Publix Attendance Policy – A Complete Breakdown

The intended purpose of the attendance policy is to promote regularity, consistency, and punctuality in employee absences. The goal is to ensure that all employees adhere to the same requirements when notifying their supervisors about their absence. It is essential to know what that policy looks like before you decide to call the giant marketplace your new employer.

The new and revised policy for 2022 is that the employee cannot have more than two absences in six months and no more than two tardies in one month. If any of those two happen, disciplinary action follows, leading to suspension or complete employment termination. 

But if a simple answer will not suffice and you want to learn more details about their policy, such as what employees think and some other specific information relating to it, then read on!

What is considered within Publix’s attendance policy

Publix will count both tardiness and absences within its policy. Their policy changed as recently as January 2022, so pay attention. For an employee to have a late occurrence, he has to have clocked in four or more minutes late after the start of the shift.

On the other hand, an absence requires an occurrence where the employee misses one or more consecutive shifts that cannot be explained as a “covered” situation. We’ll get into that a bit later.

This is the type of employment where punctuality and showing up is critical to the success of the marketplace running smoothly. So if this seems rather strict, best to save your application. A position at Publix does require strict adherence to their attendance policy since colleagues and customers truly depend on you.

What is the timeframe for logging attendance?

Publix follows a January through December calendar year. Employees work within a six-month period to track and attribute lateness or tardiness. Meaning that the first period runs from January through June, and the second period runs from July through December.

Situations during a previous tracking period don’t get erased from the file. Yet, if those occurrences didn’t lead to a suspension or a severe action like that, then they are addressed, those stay on the file, and the employee moves on to the next tracking period.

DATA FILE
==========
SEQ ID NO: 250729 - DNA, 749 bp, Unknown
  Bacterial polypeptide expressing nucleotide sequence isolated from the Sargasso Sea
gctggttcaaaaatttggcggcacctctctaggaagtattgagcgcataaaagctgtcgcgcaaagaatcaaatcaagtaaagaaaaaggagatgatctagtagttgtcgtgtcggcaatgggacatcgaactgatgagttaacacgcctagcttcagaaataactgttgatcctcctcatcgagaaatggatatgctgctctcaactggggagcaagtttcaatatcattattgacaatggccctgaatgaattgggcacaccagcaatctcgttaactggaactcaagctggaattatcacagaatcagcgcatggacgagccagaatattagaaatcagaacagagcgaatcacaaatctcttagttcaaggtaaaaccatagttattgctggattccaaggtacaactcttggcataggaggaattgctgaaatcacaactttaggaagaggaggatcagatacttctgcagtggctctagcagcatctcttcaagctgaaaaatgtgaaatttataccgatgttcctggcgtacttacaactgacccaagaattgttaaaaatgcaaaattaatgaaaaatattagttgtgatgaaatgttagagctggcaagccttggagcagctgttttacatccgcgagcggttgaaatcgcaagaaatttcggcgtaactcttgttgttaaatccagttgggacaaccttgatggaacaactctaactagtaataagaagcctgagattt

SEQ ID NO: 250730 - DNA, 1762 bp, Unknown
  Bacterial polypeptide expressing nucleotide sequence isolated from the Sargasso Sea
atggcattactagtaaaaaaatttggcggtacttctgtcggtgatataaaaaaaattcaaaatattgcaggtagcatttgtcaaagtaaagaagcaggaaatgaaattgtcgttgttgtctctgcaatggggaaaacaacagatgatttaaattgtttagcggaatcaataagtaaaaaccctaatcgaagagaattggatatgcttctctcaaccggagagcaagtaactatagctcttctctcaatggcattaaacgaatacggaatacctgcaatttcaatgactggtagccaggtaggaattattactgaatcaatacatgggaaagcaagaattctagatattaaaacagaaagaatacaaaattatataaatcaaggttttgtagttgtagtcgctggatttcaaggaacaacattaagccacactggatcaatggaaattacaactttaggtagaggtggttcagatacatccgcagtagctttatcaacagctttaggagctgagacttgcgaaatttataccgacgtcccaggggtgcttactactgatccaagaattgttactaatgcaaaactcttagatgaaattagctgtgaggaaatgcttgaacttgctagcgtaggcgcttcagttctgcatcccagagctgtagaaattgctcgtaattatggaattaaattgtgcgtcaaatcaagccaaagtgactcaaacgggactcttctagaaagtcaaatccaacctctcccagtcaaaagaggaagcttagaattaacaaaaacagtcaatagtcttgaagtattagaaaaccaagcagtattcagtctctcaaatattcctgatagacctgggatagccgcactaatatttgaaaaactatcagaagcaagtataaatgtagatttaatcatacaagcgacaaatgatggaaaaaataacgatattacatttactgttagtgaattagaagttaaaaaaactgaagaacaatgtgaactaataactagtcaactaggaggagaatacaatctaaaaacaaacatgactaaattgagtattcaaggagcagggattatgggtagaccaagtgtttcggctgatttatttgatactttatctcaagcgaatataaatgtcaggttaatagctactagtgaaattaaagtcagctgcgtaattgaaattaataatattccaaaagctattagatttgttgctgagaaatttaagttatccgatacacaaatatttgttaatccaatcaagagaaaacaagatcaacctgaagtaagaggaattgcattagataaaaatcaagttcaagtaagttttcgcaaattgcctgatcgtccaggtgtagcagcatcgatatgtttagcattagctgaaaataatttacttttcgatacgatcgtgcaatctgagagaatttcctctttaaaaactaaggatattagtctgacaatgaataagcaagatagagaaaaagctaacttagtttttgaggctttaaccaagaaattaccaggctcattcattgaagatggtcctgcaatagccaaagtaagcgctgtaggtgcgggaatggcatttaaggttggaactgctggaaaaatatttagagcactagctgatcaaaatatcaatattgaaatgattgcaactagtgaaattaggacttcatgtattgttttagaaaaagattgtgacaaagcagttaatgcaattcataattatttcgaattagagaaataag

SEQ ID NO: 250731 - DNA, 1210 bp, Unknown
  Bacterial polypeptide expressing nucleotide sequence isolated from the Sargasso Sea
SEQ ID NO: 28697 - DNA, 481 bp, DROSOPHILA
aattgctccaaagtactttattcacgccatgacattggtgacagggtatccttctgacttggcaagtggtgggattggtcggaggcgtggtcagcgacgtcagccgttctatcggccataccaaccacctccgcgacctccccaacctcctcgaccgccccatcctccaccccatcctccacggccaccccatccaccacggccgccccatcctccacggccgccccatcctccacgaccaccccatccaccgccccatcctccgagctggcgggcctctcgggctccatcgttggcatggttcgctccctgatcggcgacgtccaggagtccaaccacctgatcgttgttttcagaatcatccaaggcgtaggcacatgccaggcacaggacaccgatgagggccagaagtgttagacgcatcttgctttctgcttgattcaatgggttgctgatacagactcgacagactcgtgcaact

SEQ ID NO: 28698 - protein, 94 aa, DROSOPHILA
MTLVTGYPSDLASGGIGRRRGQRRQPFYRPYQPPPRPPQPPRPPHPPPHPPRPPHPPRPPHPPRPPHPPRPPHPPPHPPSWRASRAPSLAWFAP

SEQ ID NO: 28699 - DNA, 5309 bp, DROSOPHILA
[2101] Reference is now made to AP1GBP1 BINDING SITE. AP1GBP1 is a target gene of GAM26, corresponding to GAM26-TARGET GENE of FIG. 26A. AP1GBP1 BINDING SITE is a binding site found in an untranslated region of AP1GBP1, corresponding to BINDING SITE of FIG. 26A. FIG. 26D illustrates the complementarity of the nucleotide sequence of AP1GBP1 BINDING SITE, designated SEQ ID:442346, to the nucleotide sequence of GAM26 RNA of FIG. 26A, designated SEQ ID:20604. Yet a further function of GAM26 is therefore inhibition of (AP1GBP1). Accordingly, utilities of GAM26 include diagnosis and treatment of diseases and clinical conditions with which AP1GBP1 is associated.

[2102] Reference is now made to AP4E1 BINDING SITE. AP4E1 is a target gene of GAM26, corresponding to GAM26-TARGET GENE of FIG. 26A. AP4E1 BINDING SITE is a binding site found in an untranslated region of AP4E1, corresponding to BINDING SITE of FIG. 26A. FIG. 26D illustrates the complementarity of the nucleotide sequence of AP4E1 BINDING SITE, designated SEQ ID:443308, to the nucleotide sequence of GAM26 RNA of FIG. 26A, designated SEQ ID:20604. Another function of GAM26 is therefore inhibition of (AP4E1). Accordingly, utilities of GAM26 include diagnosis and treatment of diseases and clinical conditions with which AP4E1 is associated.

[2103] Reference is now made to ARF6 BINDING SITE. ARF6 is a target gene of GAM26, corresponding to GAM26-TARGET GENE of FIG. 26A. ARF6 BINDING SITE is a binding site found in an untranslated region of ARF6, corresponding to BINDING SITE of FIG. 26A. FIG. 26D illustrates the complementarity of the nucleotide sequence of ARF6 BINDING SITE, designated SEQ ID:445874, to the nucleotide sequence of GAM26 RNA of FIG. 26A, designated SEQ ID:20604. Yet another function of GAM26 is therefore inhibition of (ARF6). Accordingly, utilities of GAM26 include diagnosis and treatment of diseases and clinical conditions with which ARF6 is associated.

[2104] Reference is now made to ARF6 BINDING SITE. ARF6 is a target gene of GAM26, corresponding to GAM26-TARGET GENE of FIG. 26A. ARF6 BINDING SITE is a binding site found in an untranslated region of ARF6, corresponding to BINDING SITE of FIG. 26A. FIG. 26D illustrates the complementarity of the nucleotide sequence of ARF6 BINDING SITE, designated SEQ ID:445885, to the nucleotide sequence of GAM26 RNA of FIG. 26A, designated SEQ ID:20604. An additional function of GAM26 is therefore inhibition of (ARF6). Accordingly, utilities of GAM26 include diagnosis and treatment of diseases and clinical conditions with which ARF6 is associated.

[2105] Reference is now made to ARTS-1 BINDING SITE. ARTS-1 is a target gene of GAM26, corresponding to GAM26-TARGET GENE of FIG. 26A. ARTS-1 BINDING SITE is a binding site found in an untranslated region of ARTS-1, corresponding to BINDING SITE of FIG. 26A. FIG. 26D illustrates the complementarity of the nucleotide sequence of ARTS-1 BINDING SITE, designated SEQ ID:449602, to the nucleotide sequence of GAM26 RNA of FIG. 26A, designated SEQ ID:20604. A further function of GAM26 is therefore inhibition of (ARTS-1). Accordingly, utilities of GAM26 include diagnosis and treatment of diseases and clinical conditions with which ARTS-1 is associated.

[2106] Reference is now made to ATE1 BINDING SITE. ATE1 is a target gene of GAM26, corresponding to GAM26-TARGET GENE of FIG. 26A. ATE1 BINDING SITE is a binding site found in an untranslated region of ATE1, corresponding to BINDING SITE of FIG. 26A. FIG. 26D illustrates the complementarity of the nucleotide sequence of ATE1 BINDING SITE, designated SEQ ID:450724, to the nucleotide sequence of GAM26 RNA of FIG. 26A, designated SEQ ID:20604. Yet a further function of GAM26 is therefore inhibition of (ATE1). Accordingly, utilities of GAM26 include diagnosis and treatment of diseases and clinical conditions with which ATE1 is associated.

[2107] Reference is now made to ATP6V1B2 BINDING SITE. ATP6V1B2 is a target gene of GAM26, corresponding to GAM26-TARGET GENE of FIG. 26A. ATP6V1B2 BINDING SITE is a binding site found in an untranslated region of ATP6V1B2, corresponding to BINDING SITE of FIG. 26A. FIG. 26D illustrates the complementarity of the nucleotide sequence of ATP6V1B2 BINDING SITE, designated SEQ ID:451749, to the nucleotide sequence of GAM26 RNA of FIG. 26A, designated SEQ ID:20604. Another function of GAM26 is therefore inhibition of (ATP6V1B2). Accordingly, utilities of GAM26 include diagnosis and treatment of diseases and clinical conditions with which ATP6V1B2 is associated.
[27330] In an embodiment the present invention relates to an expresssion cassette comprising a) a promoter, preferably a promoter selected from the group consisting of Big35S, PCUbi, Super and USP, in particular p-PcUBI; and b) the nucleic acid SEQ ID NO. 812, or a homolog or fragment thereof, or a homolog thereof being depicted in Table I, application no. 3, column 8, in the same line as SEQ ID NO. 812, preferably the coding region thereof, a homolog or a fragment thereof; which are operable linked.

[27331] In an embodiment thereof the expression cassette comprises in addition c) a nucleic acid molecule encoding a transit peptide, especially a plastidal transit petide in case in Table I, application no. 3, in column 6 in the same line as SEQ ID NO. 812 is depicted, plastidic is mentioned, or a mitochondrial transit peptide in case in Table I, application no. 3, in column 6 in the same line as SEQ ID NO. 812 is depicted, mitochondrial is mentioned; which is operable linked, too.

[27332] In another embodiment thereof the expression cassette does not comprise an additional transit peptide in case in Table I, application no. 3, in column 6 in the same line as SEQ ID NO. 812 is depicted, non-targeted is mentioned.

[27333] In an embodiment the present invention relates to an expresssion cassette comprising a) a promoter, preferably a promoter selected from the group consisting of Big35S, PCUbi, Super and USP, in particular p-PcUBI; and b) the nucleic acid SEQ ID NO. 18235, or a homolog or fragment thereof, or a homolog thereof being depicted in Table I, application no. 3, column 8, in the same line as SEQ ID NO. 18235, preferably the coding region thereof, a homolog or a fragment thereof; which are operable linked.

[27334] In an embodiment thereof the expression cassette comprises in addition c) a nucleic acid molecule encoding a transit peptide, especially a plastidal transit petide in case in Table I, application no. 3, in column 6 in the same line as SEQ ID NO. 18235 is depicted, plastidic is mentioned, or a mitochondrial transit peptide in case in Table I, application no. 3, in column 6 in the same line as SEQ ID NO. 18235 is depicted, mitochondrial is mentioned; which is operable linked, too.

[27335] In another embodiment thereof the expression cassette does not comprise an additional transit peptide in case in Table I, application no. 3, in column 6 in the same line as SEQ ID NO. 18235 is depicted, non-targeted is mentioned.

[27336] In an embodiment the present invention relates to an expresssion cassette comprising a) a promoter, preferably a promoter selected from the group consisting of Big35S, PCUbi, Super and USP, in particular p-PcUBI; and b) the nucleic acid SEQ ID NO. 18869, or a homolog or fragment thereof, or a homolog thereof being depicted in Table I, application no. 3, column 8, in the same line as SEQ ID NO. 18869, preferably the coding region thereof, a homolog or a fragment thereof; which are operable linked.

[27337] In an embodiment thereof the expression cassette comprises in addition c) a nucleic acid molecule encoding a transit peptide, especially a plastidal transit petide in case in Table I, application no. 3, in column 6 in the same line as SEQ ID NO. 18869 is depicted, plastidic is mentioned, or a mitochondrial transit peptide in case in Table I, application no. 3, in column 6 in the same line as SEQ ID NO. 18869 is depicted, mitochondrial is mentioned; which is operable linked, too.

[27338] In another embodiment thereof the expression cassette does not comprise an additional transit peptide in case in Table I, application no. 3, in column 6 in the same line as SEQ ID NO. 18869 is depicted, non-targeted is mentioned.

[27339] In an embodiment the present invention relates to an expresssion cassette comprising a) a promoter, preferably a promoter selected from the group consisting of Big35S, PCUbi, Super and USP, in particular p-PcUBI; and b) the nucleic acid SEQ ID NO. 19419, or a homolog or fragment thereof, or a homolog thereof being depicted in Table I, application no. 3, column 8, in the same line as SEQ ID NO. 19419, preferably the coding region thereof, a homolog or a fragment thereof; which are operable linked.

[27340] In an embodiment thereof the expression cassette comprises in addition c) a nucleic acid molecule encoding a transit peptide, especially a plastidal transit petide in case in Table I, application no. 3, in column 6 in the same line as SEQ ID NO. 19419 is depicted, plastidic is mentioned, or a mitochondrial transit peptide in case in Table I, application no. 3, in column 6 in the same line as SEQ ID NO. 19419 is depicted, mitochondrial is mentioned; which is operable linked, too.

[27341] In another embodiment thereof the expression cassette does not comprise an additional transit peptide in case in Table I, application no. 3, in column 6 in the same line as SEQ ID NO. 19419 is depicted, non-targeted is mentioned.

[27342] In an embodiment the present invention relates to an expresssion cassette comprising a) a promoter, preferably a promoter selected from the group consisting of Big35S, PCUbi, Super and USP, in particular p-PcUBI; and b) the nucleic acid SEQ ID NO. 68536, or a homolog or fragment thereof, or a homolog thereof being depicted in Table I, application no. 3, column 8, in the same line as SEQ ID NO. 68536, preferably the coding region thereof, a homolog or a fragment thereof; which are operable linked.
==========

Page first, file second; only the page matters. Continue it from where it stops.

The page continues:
Occurrences that don’t get marked negatively for the Publix employee.

As much as the policy is pretty black and white, life is not like that, and Publix is aware of that. That is why there are types of absences that fall under what we can call “excused” or justified absences. Those can be absences under approved PTO, bereavement, jury duty obligations, military service, FMLA leave, Publix’s Disability Leave, Worker’s Compensation, or any other federally protected leave. 

One of the most important is PTO, which includes vacation and sick time. Publix offers the standard 0-12 days PTO for qualified employees.

One of the negatives when it comes to that area is that Publix being a supermarket, there are times when employees cannot take time off even if they have accrued it because it may fall during peak or very heavy seasons where it is an “all hands on deck” type of situation. Other than PTO, all the other types are standard across industries. 

Attendance during and post a COVID-19 world.

Publix understands the importance of not putting their employees and customers at risk to relieve the employees. After all, they are a marketplace, and employees are exposed to products that customers handle and will eventually put in their mouths. Given the pandemic that we have just come out of, absences as a result of COVID-19 do not count towards any disciplinary action.

Although, this is not a free pass. Employees absent because of COVID-19 symptoms may be required to quarantine, and if the number of days exceeds three, Publix will require a doctor’s medical note.

How are excessive absences and tardiness addressed at Publix?

Well, you already know we are working within a six-month tracking period, and remember, this is an either/or situation. So if there are two or more absences or two tardiness in a tracking period, Publix employees get given a reprident they call an Associate Counseling Service (ACS).

If either of these two scenarios happens a second time, the employee gets an ACS plus a one-week suspension. And finally, If either of these two scenarios happens a third time, the employee is discharged.

The important key here to remember is to have open and transparent communication with your leadership so that expectations are met with attendance. If they are not, there is openness and reason behind the action.

The proper channel and process to report attendance issues.

All of the above mentioned is provided there is proper communication. Otherwise, the action is seen as more severe; therefore, more severe consequences apply.

An employee that is not going to be attending the first is required to call and speak directly with their direct supervisor or the manager in charge at least two hours before the start of the shift. Texting or calling after the start of the shift is never acceptable and results in disciplinary action.

When not properly communicated, Publix sees this missed attendance as “no call/no show.” These occurrences do not reset at the end of each tracking period (the six months). One occurrence like this results in an ACS and a week’s time suspension. And two occurrences like these go straight into a discharge of employment. 

The Publix attendance policy is designed to promote regular and consistent attendance among employees. The attendance policy seems fair and reasonable, and it is explained and provided in writing to the employees, so they know what is expected of them. I hope you found this article helpful in understanding Publix’s attendance policy.

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